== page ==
by Alvin G. Burstein, PhD
In the early 1940’s while I was jerking sodas in Canar’s, a skid row drugstore in Omaha, one of my ancillary responsibilities was serving as guardian of the rack displaying comic books. I was to prevent the teenagers who frequented the store from reading the magazines on display without purchasing them. One of the perks of that role was my opportunity to do just that. It was there that I became acquainted with The Phantom, the ghost who lives, Batman, the grim avenger of Gotham City, and Superman, the extraterrestrial protector of truth, justice and the American way.
The Phantom was not actually immortal; he was a role secretly passed on from father to son. He had no super-powers beyond his wit and strength and his mythic immortality. Superman, faster than a speeding bullet and able to leap tall buildings in a single bound, was, as claimed, super-human. But Batman, the socialite with a hidden life, brooding gargoyle-like over the evils besetting Gotham City, Batman had the noire appeal of a frightening creature of the night.
The Phantom, so far as I know, never made it into the cinematic world. Superman did, but his dalliance with Lois Lane got frankly boring. But Batman continued to fascinate me; I have seen the half dozen or so films that constitute his oeuvre. The Batman, a 2022 Warner Brothers film, was not something I wanted to miss.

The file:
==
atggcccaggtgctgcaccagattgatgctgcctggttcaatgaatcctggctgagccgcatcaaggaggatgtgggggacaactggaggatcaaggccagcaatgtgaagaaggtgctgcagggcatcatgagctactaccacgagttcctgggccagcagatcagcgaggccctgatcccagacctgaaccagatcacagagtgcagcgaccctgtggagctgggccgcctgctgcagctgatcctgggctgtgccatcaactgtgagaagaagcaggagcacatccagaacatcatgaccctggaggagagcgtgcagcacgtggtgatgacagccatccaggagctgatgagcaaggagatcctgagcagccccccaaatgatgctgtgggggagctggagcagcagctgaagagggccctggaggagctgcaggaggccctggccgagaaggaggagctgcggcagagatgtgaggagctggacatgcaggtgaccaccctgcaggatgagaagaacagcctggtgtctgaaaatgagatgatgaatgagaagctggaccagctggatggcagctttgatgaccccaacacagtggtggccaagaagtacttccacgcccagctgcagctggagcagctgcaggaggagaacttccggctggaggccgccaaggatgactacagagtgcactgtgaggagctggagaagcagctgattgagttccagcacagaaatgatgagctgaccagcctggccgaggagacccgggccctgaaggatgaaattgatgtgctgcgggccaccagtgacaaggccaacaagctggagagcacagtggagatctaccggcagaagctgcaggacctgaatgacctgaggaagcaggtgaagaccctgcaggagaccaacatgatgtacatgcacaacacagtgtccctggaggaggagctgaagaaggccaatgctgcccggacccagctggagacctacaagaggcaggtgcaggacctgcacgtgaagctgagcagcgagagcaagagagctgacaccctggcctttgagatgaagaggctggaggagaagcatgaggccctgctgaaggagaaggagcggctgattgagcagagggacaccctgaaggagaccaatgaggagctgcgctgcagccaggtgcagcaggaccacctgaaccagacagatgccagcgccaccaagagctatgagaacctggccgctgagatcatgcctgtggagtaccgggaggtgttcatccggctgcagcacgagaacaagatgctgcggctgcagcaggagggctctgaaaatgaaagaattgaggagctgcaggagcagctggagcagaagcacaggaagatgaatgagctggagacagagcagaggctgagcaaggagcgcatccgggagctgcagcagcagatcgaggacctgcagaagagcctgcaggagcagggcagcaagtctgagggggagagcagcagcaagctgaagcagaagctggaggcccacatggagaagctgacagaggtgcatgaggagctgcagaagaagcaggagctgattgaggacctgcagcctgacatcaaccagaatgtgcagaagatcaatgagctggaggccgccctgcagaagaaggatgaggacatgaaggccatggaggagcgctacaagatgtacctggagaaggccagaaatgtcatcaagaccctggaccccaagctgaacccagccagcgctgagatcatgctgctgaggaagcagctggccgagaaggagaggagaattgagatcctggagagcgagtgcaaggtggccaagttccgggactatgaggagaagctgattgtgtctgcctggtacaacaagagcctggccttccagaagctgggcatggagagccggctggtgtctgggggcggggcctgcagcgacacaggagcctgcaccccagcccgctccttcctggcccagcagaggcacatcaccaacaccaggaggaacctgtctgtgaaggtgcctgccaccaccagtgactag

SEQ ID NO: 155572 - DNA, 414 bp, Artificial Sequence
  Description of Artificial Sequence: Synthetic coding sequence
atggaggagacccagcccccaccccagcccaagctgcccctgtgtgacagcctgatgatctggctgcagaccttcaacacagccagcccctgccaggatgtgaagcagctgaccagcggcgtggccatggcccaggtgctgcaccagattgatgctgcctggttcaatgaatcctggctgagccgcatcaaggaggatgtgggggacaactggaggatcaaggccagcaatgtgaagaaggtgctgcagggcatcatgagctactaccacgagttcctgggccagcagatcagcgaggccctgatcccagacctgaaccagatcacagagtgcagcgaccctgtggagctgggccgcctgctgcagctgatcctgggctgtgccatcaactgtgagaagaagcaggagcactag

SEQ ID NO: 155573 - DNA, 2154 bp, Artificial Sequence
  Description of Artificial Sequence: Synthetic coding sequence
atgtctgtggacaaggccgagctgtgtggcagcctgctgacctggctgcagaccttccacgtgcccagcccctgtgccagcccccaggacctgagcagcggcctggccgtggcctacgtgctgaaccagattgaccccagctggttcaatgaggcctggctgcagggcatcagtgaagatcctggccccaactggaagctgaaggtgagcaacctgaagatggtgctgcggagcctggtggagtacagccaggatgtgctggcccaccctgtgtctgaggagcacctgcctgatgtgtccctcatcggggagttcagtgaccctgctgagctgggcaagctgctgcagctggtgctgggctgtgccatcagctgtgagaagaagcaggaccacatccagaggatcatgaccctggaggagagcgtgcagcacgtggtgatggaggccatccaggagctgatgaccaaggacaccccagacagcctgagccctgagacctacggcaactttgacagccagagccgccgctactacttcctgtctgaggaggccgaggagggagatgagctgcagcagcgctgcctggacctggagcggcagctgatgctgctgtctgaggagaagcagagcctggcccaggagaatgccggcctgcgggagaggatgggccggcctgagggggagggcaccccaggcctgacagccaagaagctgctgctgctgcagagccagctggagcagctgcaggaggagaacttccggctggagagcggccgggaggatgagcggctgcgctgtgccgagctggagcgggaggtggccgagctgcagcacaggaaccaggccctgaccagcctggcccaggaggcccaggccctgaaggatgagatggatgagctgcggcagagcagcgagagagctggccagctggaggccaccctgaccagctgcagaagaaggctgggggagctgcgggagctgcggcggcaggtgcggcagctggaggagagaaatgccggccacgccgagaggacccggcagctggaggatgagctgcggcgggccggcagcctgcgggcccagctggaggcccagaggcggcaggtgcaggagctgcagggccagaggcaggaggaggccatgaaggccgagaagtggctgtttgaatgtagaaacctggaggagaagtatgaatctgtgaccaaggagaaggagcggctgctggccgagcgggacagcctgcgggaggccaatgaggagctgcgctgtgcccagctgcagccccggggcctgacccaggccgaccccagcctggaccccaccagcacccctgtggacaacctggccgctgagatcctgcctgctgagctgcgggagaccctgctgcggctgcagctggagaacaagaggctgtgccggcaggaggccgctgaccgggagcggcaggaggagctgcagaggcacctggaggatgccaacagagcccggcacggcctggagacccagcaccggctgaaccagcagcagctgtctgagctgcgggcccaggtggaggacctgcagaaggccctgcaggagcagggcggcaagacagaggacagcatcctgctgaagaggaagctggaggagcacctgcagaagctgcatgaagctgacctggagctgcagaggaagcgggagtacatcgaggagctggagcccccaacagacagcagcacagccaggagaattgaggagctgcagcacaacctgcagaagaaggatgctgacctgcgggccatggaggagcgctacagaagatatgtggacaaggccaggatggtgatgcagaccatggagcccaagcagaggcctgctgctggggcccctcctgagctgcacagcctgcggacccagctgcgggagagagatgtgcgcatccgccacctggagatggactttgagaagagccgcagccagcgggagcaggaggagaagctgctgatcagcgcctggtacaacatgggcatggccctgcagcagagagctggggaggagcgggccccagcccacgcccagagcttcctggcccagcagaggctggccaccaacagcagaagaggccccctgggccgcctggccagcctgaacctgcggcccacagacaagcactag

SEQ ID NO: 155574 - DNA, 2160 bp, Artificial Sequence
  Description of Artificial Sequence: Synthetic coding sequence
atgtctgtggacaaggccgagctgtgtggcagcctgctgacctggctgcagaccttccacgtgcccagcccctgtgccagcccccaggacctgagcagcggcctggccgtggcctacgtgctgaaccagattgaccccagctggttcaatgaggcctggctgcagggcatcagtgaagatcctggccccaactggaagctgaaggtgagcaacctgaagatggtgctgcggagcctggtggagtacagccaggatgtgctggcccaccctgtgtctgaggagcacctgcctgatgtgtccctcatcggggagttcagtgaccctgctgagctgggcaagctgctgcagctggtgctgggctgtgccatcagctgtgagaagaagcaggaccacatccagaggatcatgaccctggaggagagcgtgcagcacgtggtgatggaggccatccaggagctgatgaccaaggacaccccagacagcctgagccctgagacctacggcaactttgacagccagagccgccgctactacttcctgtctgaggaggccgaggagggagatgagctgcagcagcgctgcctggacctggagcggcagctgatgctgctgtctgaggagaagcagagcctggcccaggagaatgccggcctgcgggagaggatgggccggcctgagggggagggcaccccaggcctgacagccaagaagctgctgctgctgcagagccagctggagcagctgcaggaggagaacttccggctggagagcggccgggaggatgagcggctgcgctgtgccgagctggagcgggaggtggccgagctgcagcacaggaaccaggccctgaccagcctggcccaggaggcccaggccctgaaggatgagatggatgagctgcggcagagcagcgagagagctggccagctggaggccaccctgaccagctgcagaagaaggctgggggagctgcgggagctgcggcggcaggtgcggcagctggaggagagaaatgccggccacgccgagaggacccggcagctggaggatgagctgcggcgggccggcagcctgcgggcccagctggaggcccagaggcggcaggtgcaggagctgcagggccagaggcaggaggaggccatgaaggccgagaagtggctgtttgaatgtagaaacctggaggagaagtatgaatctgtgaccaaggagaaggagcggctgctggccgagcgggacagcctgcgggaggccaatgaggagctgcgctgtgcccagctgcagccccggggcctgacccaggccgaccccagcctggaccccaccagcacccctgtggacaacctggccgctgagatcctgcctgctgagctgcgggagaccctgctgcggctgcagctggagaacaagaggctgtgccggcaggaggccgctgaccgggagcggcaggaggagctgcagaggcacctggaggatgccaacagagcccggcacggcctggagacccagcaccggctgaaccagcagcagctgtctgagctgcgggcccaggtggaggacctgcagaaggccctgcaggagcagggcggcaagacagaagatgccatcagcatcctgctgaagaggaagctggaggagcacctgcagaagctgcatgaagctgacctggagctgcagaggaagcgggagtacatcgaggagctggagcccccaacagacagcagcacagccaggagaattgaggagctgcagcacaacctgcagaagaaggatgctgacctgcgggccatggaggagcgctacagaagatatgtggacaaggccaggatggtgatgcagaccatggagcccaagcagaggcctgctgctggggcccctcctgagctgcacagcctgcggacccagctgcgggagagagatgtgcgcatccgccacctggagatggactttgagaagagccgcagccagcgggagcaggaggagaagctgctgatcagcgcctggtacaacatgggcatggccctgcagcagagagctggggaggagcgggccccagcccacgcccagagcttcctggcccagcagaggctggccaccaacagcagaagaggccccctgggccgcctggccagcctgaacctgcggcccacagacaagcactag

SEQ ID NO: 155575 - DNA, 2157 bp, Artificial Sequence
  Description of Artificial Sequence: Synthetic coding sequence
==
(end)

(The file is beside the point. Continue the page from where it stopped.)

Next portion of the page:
Over-all, the oeuvre is not perfectly internally consistent, but its key elements are Bruce Wayne, the son of a wealthy billionaire benefactor of Gotham City running for mayor, who with his wife, Bruce’s mother, is murdered as their young son looks on in terrified horror. Bruce is, of course, traumatized by this event and by a later experience of being trapped underground in the caves below the family manor where he is buffeted by Chiropterae, bats. As an adult, Bruce becomes aware of a criminal element in the city, and begins a secret life of seeking out evil doers there.
Kohutian self-psychology would expect that the trauma of an early loss of parental protectors might produce an on-going narcissistic flaw, a sense of insecurity. That may explain Batman’s reliance on prosthetics. Though he seems adept at martial arts, he also wears armor, drives super cars, and makes heavy use of high-tech weapons.
The new film is dark in every sense. At one point, we hear Batman say, “I am the dark.” As this film unfolds, Batman becomes very much a detective searching for clues to the identity of a serial killer and to the Holmesian Moriarty at the center of the web of crime in Gotham City. He learns that his father may have, in the course of his reform efforts for the city, made a Faustian bargain, dealing another blow to the son’s sense of certainty.
This tale describes an early stage in Batman’s career. There is a plan for at least two sequels, and one might hope for a reappearance of one of Batman’s most redoubtable enemies, the Joker.
The film ends with Gotham City’s being catastrophically flooded, barely surviving, and Batman’s coming to see that compassion trumps vengeance, an outcome that seems a bit forced. And at he end of the three hours of screen time, I was both glad to see the curtains closing—and ready for the first sequel